The Red Holographic Diawl Bach is one of my favourite early season cold water nymph fly patterns to use on a dropper as part of a team of three nymphs. Diawl Bach, is Welsh for ‘little devil’ and this version of the devil fly has a lot of red in it’s design.
DIAWL BACH NYMPH FLY PATTERNS. Hook size 10 12 14 16 18 20 - $US each
I might add a red bloodworm pattern to one of the other droppers and put a beaded black silver ribbed epoxy buzzer midge nymph fly on a curved hook on the point. Always put the heaviest fly on the end as it helps with tangle free casting and keeping the droppers swimming at the correct depth by keeping the leader straight.
On large lakes and reservoirs, the period between February to April and in some locations even May, the water will be at its coldest. You have to deal with this challenge. Because it is cold everything moves at a slow pace under the water. You must adapt your fishing style to match. Your retrieve, your team of fly’s movement and the way your line moves must be slowed down. The metabolic rate of a trout or grayling slows down with the cold to conserve energy. Too much heat also slows down fish activity. They have a preferred range of water temperature in which they feel happiest to hunt and be active. They do not like extremes of heat or cold.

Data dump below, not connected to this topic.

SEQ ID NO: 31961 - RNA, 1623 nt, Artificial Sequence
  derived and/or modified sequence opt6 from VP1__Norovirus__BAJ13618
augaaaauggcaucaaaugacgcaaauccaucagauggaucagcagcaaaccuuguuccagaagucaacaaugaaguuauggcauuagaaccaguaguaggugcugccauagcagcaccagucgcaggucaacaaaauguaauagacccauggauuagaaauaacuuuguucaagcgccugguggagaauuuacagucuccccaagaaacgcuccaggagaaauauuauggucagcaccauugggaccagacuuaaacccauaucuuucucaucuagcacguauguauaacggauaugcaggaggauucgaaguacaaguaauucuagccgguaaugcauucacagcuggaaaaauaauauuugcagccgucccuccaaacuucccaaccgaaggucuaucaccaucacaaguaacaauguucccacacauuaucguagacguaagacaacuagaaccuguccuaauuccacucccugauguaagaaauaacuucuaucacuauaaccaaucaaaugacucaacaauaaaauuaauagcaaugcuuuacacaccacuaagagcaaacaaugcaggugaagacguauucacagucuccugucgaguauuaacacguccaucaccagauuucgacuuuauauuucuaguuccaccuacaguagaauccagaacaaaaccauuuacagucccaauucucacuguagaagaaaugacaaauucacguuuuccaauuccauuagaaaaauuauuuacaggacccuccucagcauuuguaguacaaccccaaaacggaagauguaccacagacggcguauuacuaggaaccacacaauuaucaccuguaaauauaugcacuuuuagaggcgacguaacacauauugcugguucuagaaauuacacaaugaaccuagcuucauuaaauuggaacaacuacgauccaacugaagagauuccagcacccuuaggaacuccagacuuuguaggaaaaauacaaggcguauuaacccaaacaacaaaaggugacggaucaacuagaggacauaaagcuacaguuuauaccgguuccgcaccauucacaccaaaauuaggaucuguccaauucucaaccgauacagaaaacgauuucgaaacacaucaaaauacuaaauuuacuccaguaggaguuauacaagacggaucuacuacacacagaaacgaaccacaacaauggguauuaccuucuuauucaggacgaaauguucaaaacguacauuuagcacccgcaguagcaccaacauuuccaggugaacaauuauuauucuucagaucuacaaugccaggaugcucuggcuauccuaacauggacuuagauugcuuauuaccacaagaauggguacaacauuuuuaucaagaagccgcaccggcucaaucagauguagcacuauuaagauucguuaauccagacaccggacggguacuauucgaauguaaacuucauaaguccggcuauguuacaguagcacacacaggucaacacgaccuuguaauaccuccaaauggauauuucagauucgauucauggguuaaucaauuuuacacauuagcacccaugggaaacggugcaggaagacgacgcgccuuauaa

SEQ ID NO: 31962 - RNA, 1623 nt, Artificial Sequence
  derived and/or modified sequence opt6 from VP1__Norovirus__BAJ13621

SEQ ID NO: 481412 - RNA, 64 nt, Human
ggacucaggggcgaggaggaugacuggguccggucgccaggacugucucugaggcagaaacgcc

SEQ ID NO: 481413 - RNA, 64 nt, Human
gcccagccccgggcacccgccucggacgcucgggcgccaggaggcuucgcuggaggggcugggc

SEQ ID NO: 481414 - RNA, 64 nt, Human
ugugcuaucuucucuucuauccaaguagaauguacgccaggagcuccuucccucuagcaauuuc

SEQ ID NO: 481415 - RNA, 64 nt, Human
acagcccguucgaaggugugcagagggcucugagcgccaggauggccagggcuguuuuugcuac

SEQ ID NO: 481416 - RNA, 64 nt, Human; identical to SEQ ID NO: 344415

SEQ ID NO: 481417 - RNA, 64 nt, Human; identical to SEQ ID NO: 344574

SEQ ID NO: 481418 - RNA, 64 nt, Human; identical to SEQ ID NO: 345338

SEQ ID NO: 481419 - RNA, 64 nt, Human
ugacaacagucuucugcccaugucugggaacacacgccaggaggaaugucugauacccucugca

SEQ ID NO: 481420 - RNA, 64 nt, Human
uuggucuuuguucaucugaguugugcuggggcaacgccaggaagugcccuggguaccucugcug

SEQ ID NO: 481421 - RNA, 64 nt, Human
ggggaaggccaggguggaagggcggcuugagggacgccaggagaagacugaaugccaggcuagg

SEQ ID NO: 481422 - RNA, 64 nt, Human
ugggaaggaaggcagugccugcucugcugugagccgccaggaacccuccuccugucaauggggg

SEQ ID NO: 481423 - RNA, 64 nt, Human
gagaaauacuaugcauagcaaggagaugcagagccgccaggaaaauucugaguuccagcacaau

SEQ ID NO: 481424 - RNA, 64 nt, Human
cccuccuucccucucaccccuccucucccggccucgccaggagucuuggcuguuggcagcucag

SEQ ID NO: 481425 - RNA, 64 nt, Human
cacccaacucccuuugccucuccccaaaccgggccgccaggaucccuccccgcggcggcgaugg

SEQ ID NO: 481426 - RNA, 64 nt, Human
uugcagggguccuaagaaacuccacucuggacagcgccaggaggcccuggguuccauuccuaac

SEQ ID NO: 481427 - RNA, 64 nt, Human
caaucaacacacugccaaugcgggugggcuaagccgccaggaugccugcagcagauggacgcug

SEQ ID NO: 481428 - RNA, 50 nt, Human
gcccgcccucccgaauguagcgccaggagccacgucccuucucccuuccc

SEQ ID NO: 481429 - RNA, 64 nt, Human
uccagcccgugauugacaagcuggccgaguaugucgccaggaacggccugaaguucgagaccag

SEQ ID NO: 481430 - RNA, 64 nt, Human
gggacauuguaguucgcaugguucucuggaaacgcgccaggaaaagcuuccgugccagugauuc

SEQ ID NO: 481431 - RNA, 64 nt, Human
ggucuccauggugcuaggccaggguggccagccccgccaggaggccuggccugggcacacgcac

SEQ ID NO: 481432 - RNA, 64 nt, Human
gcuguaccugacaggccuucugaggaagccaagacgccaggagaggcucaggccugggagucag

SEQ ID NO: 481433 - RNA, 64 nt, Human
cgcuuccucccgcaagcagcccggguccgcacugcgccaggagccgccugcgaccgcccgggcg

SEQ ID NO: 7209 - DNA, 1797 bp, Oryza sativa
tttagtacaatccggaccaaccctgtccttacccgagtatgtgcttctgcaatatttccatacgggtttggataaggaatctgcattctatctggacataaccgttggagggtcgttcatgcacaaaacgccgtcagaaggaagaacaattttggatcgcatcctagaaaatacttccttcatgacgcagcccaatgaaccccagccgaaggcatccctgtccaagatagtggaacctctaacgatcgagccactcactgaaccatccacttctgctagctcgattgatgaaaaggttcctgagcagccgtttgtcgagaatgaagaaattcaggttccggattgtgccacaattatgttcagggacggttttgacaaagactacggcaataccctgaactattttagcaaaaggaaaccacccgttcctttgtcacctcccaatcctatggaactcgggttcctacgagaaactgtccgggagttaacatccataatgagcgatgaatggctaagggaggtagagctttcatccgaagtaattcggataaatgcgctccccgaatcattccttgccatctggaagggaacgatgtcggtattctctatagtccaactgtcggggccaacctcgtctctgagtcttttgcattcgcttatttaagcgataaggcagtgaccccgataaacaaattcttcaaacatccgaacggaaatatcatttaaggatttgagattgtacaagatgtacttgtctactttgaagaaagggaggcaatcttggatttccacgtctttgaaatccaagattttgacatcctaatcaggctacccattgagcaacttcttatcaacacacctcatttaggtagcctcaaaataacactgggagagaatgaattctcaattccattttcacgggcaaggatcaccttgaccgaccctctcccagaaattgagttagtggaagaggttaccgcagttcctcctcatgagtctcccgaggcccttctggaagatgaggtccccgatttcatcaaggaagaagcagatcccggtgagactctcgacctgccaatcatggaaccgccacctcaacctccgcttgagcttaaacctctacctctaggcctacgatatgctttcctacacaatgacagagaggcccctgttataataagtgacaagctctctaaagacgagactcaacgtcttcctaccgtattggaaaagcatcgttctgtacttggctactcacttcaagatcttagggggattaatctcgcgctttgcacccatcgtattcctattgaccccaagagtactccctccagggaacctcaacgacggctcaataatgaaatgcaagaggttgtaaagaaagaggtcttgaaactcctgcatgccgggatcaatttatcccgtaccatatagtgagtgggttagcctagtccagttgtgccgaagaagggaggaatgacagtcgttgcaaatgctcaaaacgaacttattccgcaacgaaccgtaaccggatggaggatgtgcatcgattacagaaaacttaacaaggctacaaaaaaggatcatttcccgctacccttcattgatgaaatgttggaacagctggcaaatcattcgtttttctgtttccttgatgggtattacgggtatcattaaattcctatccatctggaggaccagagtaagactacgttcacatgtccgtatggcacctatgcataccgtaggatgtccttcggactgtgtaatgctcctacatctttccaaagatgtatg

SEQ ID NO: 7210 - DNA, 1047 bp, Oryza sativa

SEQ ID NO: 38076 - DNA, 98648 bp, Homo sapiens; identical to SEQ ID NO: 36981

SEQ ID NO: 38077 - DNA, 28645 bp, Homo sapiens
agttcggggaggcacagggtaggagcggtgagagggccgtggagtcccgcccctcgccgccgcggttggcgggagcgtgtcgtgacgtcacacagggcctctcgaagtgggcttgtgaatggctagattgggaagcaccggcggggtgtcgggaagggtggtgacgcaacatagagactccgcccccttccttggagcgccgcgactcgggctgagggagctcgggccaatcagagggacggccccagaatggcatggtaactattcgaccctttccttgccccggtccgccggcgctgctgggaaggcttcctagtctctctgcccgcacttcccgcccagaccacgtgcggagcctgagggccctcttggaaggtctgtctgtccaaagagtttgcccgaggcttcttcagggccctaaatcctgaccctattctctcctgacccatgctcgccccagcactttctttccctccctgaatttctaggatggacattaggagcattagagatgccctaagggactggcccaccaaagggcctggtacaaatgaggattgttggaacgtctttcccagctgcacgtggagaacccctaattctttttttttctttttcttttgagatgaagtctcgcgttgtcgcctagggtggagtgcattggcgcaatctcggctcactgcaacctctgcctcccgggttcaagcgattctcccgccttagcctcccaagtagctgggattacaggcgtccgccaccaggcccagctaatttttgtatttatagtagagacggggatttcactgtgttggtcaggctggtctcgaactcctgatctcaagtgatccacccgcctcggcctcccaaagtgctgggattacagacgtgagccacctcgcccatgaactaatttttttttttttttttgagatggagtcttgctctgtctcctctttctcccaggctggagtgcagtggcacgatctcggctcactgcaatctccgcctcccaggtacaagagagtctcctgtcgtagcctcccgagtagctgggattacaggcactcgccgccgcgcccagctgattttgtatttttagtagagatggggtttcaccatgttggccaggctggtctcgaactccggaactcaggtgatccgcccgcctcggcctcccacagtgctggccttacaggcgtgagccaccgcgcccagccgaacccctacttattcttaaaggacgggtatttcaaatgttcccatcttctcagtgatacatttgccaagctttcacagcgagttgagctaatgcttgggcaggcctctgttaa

The following fishing tactic can be deployed when it is cold and conversely when it is hot as well. I call it the static nymph. In cold water conditions depth and location are the key to a good days fishing. Tie your team of three nymphs on droppers under a big dry fly pattern or strike indicator so you can detect nibbles. If you get no joy at the depth you are fishing your nymphs be prepared to add or reduce the amount of line so your flies search the water column to find at what depth the trout and grayling are feeding.
Try to get local knowledge about the physical properties of the lake or reservoir you are fishing. Find out if this still water has any shelves. This is a place that provides shallower water compared with the rest of the lake but has an abrupt drop to a deeper area. I find that the fish like these locations in the early part of the season. They seem to feel comfortable here and feed confidently close to the bank.
Don't try casting too far. I normally find most of my fish within 10 feet from the bank. In and around old well established reed beds are fertile grounds for finding fish willing to investigate your red holo Diawl Bach nymphs and red blood worm flies. Dead drift your team of nymphs. Allow your line to go slack so the flies sink deep in the water column. If you add tension to your line the team of flies start to lift and do not fish at the required depth. The leader trails at a 45 degree angle rather than straight down vertically.